Acute social and legal conflict over regulation of non-point source pollution related to livestock in Washington State strains proactive efforts to improve water quality. Stream impairment from poorly managed livestock grazing activities often is related more to impaired stream function, changes which occur over a long period of time, than to direct contributions of pollutants.
The environmental and legal concerns involved in water quality regulation threaten all three classic aspects of agricultural sustainability for livestock farmers: economic, environmental, and social. Solving the social dilemma and improving water quality through improved livestock management require addressing the drivers of water quality from a watershed scale and application of an education/outreach method that is palatable to landowners.
Tipton Hudson, Kittitas County Extension director, acquired a grant from the Western Center for Risk Management Education in 2011, which funded a series of workshops conducted in partnership with the National Riparian Service Team to provide in-depth, in-field training on the relationships among livestock grazing practices, riparian condition, and water quality. Relationships established through these workshops spun off numerous local landowner meetings on specific management practices to improve upland and riparian condition and thereby improve water quality. The project also produced a short film series on riparian grazing and water quality. Topics include: Water Quality Risks, Tools and Techniques, Ecosystem Interactions: Water Quality and the Plant/Soil Interface, Bacteria Ecology, Risks of Livestock Direct Access and Solutions, Risks of Complete Exclusion, Grazing Effects Evaluation, and Bacteria Research and Water Standards.
A regular meeting with a few conservation districts and key regulatory personnel about the social and environmental problems resulted in WSU Extension’s creation of a water quality risk assessment for grazing areas, which characterized positive and negative conditions and practices and relied on risk management language that accurately reflected scientific reality with respect to non-point source pollution. The reality is that there is rarely a distinct per pollutant threshold that can be established for stream impairment, individual landowner practices couldn’t be accurately correlated with instream pollutant levels even if a threshold were clear, and the only effective strategy to combat degraded water quality is to combat degraded stream condition through evaluating grazing management practices and riparian condition holistically. The solution, according to Dr. Sherman Swanson of University of Nevada-Reno, is to ensure one’s management includes “more good than bad.”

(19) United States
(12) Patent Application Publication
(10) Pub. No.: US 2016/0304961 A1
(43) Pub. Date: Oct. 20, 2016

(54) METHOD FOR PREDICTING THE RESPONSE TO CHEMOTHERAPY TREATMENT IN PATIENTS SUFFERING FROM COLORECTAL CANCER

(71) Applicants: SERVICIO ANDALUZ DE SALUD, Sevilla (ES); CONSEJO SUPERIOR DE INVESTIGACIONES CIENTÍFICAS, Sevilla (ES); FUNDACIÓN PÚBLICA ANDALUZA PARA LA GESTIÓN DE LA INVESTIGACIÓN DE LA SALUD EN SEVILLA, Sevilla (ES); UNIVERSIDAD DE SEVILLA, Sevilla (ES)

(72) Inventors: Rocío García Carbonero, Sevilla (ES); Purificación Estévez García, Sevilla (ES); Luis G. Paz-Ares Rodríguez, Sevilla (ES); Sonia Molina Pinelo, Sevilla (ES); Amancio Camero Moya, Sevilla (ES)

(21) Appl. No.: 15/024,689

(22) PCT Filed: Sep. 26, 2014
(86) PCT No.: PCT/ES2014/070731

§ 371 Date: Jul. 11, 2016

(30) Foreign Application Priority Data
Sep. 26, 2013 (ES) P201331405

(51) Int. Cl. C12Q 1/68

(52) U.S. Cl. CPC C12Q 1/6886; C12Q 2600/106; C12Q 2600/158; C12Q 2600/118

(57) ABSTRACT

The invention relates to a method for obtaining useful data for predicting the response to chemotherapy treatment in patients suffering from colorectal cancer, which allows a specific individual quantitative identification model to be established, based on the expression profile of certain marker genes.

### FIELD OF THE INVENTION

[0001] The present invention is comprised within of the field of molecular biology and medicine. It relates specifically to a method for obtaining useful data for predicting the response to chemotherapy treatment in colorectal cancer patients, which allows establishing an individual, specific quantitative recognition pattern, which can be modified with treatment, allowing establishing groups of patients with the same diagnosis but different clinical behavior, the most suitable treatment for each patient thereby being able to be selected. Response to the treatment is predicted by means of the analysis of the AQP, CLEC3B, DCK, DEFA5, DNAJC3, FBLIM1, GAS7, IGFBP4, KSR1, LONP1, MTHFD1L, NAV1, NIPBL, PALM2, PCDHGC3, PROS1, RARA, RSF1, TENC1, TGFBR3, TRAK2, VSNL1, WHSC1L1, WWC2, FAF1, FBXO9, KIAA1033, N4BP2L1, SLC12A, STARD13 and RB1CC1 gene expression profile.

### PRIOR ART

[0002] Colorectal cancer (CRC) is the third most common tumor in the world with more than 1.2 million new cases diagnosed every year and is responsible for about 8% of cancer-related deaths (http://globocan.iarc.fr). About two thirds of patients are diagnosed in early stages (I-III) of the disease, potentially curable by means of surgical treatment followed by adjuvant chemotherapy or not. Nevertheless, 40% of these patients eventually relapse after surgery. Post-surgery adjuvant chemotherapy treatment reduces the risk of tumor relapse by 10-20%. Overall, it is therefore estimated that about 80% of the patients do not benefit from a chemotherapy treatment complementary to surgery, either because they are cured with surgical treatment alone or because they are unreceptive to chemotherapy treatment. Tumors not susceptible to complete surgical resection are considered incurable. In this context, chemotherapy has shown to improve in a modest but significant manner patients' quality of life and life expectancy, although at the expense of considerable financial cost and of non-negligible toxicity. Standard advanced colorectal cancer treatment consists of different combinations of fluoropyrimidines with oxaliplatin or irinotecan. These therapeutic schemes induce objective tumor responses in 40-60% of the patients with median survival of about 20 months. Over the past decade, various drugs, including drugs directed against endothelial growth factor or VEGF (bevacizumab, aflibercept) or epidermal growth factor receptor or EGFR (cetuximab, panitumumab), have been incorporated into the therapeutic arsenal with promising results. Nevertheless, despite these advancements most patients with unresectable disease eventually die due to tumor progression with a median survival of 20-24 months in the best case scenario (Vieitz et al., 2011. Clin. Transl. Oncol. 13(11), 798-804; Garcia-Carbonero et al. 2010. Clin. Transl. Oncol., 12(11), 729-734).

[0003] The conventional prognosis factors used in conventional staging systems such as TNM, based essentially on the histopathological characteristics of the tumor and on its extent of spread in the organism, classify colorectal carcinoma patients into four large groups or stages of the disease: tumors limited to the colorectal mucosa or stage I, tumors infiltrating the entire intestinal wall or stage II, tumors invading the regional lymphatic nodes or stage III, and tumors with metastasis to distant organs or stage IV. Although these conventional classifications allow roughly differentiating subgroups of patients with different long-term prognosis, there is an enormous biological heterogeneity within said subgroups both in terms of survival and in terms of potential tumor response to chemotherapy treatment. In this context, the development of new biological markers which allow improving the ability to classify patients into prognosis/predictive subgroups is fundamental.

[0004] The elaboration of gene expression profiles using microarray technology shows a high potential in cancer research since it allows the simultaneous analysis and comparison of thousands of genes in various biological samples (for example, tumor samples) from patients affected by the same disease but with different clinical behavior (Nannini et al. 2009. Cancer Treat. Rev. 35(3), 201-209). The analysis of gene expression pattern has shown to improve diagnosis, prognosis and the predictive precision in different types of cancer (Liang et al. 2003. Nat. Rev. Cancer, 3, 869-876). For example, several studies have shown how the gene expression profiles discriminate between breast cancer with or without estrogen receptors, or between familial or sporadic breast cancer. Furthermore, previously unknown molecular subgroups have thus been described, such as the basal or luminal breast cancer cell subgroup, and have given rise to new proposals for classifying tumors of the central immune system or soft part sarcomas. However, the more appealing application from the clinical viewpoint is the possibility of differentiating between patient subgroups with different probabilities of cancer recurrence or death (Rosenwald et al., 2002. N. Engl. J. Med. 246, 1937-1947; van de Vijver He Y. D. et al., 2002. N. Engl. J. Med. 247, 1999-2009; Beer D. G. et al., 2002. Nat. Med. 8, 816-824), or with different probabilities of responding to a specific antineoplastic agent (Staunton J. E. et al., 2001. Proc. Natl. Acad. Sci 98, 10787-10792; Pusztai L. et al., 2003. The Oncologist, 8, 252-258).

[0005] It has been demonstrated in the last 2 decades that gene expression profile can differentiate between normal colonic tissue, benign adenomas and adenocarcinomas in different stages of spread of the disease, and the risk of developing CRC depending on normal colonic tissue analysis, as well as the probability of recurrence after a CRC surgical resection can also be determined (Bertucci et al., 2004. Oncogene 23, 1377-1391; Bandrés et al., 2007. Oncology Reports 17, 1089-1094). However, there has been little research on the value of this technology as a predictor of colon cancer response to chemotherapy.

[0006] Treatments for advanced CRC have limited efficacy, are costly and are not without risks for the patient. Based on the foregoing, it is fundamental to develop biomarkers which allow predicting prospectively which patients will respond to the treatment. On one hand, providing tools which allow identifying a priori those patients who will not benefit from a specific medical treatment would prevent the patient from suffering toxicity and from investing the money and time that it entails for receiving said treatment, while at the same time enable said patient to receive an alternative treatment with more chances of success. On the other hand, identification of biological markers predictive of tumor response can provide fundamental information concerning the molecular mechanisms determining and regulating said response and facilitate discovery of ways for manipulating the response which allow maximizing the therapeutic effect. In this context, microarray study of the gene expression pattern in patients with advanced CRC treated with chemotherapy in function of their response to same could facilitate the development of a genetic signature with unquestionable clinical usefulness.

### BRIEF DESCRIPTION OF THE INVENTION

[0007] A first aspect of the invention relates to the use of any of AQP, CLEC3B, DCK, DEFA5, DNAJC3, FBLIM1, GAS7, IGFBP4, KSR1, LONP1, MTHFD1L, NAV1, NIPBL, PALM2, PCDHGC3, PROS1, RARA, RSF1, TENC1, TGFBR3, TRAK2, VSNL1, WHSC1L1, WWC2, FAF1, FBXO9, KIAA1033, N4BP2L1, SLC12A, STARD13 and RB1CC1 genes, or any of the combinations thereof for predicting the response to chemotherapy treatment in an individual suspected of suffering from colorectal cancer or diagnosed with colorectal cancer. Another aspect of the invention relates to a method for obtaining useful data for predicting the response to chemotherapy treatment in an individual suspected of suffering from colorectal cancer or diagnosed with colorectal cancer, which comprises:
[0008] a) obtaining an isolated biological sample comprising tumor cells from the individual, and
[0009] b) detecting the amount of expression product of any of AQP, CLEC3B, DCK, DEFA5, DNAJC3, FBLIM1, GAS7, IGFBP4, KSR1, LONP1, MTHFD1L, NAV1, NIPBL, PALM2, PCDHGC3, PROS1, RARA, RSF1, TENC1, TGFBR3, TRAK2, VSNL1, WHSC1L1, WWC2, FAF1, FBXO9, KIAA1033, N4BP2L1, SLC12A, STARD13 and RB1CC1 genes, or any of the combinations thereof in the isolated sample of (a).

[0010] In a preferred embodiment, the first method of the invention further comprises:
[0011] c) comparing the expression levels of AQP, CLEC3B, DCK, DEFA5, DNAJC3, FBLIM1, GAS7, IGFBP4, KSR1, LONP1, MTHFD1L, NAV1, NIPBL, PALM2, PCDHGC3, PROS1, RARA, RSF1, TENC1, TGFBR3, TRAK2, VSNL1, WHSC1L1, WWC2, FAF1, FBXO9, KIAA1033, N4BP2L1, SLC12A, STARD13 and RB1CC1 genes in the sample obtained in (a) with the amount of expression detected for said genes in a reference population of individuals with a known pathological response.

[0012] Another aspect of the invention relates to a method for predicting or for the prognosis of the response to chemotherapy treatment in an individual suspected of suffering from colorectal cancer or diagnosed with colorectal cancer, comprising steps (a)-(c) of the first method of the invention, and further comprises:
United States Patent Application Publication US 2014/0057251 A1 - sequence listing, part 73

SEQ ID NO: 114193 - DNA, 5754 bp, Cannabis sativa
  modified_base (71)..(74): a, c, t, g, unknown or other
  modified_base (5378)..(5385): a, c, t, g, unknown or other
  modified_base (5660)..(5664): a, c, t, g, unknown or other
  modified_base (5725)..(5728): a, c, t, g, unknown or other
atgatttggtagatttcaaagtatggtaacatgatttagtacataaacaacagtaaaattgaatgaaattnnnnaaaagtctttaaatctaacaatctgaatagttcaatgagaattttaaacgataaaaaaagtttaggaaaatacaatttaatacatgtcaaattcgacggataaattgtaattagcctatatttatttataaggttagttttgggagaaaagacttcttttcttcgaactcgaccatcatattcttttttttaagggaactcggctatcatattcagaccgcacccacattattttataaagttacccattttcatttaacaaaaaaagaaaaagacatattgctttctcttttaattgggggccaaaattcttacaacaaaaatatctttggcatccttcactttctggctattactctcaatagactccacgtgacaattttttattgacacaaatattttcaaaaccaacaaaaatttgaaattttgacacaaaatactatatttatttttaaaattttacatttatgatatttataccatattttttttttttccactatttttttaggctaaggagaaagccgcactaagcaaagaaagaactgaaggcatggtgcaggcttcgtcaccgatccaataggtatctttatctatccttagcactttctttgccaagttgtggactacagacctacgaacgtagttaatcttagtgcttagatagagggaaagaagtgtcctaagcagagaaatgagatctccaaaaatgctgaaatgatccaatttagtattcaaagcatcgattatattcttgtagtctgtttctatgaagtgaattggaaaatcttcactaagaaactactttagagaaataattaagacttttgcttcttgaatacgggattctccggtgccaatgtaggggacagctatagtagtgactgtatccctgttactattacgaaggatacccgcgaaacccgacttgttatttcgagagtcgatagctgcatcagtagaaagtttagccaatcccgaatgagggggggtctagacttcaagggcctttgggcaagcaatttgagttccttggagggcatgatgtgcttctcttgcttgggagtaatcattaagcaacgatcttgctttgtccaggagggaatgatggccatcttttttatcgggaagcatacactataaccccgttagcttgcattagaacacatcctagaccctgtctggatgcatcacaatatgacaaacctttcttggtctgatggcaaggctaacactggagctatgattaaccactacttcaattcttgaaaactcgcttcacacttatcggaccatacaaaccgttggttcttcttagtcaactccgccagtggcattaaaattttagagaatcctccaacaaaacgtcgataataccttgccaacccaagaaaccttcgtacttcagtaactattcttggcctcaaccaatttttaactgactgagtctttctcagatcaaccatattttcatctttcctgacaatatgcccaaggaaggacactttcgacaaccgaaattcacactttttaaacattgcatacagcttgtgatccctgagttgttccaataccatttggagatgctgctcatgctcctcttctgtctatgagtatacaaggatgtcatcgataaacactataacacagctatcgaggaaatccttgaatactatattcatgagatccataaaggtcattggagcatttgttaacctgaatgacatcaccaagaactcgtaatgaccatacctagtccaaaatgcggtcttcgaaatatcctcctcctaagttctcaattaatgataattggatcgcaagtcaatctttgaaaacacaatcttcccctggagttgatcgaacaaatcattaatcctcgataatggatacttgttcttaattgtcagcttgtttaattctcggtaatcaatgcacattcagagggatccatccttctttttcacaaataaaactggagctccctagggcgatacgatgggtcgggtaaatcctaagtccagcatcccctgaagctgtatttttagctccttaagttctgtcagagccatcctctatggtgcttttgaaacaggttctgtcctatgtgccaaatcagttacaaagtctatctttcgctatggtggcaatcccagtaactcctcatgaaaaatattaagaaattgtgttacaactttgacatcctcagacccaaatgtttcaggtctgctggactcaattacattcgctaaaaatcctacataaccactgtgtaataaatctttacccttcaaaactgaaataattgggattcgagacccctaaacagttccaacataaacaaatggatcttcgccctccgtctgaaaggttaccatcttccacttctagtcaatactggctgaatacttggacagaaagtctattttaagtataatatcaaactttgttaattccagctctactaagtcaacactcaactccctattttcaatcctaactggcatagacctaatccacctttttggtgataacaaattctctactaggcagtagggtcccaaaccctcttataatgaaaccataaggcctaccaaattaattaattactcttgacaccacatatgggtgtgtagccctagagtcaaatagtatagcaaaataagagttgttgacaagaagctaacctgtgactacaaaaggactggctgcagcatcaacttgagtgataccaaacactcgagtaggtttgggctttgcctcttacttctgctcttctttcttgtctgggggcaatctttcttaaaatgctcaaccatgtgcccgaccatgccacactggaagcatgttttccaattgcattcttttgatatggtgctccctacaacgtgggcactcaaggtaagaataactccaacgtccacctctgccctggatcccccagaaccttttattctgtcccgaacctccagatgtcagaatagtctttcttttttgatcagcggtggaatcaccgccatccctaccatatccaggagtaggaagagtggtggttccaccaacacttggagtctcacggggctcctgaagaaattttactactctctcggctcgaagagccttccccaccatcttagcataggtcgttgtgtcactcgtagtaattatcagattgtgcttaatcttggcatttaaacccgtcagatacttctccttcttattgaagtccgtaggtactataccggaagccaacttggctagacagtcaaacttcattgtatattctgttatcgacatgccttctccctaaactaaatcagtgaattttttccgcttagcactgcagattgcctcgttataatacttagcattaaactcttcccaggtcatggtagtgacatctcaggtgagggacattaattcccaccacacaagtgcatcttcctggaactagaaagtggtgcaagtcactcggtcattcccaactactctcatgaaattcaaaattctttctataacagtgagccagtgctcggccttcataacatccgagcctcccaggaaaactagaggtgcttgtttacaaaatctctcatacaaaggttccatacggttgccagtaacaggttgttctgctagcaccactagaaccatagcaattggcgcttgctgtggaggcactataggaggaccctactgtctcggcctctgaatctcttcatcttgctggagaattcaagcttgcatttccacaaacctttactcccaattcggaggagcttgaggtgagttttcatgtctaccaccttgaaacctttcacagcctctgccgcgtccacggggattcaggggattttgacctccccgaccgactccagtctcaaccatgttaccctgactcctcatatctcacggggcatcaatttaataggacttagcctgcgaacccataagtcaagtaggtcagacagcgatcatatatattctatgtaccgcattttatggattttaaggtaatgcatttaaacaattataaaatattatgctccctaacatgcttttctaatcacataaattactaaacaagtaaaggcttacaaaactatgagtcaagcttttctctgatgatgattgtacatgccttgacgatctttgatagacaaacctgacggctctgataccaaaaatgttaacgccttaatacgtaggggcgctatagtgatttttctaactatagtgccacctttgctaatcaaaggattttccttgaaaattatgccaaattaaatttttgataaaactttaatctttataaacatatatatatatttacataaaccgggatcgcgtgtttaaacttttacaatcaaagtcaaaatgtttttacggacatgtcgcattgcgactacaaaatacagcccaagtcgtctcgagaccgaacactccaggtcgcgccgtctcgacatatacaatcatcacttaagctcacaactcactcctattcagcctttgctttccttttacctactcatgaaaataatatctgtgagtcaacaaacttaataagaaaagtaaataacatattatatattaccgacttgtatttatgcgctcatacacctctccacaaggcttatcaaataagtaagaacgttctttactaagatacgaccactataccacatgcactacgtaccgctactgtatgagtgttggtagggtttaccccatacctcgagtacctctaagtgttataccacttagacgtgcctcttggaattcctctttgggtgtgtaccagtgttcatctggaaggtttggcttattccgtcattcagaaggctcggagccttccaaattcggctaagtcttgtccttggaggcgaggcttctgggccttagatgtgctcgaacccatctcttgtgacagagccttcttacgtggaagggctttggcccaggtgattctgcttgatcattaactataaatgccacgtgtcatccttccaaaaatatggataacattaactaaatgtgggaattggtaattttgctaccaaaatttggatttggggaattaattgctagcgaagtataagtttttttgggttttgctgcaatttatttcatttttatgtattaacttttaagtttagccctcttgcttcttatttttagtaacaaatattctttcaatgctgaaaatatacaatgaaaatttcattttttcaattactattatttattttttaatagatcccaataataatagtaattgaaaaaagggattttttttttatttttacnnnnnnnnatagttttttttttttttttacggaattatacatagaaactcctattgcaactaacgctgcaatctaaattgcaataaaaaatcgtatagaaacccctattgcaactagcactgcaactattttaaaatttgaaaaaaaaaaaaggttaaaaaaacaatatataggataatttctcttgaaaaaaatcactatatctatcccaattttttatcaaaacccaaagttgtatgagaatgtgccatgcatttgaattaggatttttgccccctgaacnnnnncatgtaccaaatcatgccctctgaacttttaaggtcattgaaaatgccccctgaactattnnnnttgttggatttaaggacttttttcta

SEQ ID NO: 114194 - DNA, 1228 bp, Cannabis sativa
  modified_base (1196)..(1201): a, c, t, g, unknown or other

“The Washington Cattlemen’s Association appreciates the technical assistance and expertise that Tip Hudson brings to the table. WSU Extension is playing an important role of both a scientific and technical nature, as well as a set of boots on the ground to help landowners and livestock producers address site-specific water quality issues of all sizes. The WCA is proud of the partnership we have with our Land Grant University” – Jack Field, Executive Vice President, Washington Cattlemen’s Association
Washington State Conservation Commission, Washington Cattlemen’s Association, Washington Farm Bureau, and Washington Association of District Employees
PIs on RME grant: L. Hardesty, D. Nelson, F. Hendrix, J. Ullman, S. VanVleet (all WSU)
Non-WSU expertise to credit: National Riparian Service Team; Dr. John Buckhouse, Oregon State University prof. emeritus
Hudson has served as technical advisor to a producer-led stewardship organization in the Palouse, the 5-Star Watershed Stewardship group, which was created to develop a non-regulatory, non-conflict approach to improving soil and water quality in the Pacific Northwest. Hudson has provided approximately 12 hours of instructional time to this group, and 25 producers have gained new knowledge in grazing planning and management, riparian grazing, and water quality risk assessment. At least 10 producers representing more than 25,000 acres have adopted new management practices to improve water quality and rangeland condition, including planned grazing, ecosystem monitoring, water quality monitoring, and riparian pastures.
Through outreach efforts, ranchers, regulators, and natural resource professionals in Washington State understand:
- Grazing management affects water quality directly based on abiotic site factors, vegetation conditions, and grazing variables.
- Riparian health drives water quality; water quality often lags improvement in riparian condition by 10-20 years. Grazing management affects riparian health and water quality, long-term.
- Certain conditions make stream fencing a desirable and effective option to improve water quality.
- Changed attitudes toward management-based solutions (non-infrastructure-dependent) shifted to allow for results-oriented grazing solutions.
The tenor of dialogue has become more cooperative. The content of dialogue and newly drafted regulatory guidance allow that well-managed livestock grazing in stream zones may be sustainable if done well. Solutions include:
- Helping farmers understand economic consequences of riparian degradation or improvement;
- Encouraging all parties to think in terms of risk assessment rather than violation or no violation, which applies to both site conditions and livestock management practices;
- Encouraging riparian function as the target of management and voluntary incentive programs; and
- Advocating withholding regulatory action except in the case of egregious pollution where significant quantities of pollution are visibly contaminating surface water.